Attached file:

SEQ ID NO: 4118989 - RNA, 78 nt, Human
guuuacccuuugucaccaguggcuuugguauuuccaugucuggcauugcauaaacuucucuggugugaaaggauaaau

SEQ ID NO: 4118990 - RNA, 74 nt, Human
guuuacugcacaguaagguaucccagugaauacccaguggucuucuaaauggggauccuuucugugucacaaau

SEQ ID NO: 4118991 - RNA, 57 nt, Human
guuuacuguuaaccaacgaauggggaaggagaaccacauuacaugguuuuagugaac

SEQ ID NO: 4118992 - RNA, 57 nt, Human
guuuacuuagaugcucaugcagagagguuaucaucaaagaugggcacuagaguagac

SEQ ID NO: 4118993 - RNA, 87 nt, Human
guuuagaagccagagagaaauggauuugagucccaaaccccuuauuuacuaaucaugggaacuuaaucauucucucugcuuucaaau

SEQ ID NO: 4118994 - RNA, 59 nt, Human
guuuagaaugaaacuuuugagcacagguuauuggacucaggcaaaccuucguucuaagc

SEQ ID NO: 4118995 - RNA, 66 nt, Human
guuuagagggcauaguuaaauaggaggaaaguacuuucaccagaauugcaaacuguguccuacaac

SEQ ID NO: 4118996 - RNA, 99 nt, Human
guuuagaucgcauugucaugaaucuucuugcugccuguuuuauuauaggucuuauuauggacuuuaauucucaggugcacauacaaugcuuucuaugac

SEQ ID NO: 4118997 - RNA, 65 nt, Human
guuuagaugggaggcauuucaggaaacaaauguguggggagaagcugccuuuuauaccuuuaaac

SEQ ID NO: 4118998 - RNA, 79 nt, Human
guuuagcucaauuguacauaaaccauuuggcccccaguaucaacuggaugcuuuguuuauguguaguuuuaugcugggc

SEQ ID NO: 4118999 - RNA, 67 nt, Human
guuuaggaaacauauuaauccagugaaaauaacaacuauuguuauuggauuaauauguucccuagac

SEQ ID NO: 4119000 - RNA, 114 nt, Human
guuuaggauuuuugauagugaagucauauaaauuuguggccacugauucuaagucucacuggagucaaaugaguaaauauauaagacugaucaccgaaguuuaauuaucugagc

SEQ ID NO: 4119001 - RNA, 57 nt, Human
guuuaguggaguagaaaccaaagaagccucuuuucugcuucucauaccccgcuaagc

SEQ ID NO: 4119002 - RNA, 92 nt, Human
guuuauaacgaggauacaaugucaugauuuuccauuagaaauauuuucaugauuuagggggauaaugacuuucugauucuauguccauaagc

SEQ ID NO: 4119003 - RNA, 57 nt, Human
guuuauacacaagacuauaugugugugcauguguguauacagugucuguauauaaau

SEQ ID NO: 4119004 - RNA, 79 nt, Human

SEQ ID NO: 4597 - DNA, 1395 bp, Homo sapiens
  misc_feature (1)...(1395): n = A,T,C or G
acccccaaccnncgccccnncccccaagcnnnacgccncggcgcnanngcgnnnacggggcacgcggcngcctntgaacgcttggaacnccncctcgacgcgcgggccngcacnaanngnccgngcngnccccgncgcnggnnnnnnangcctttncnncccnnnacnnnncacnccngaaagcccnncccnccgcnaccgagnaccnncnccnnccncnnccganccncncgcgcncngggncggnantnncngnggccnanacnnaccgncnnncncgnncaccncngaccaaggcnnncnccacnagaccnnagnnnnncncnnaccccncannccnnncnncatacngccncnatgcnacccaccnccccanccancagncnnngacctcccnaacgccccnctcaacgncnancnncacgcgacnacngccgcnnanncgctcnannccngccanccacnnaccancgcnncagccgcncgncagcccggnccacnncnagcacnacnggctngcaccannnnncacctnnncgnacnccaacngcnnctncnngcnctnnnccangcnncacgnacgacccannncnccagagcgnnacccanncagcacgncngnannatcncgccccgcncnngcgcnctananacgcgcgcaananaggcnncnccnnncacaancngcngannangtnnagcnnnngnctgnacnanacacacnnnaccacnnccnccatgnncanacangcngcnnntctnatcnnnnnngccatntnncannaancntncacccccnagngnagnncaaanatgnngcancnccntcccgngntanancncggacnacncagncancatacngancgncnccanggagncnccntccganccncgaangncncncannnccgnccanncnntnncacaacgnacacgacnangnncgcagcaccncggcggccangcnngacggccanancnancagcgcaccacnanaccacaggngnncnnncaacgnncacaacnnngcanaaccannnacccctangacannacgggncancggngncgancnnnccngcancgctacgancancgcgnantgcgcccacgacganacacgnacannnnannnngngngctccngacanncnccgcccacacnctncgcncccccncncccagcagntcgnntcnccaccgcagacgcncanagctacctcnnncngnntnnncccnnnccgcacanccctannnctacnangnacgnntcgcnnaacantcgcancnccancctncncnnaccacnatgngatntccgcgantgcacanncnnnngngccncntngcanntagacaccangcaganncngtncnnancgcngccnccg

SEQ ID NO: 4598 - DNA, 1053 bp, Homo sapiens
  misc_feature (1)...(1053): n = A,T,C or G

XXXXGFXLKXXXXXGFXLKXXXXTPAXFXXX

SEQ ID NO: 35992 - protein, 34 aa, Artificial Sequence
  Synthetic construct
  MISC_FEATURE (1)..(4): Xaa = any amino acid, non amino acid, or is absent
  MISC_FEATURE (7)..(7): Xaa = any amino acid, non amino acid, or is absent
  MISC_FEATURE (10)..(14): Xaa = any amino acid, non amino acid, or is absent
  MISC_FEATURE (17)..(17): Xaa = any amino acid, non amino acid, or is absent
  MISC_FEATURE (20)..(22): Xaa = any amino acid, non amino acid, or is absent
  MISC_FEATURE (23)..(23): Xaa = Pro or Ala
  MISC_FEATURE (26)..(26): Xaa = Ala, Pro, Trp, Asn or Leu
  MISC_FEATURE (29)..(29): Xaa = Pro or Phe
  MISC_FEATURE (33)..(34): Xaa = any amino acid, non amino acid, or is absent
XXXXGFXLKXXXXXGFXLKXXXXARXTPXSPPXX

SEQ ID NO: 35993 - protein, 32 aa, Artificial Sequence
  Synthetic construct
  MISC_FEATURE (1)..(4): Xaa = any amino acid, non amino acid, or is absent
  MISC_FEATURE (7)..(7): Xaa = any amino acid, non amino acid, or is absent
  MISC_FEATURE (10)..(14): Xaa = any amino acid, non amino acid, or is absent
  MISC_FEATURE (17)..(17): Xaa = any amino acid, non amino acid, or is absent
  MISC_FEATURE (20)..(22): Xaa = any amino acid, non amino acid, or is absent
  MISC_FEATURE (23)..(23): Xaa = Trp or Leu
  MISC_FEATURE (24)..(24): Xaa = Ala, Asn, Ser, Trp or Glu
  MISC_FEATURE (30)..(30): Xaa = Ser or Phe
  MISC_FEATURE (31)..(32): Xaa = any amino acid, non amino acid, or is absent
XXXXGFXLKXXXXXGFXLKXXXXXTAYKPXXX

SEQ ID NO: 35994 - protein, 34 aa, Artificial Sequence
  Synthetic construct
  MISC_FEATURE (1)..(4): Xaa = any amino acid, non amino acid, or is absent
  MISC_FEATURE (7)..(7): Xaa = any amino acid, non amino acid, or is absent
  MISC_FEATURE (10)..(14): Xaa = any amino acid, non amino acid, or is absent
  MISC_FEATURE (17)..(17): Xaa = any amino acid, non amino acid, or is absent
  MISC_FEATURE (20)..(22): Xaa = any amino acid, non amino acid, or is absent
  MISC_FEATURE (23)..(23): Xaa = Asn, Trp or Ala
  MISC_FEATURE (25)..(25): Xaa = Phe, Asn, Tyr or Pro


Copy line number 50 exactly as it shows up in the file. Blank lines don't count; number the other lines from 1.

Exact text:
SEQ ID NO: 35993 - protein, 32 aa, Artificial Sequence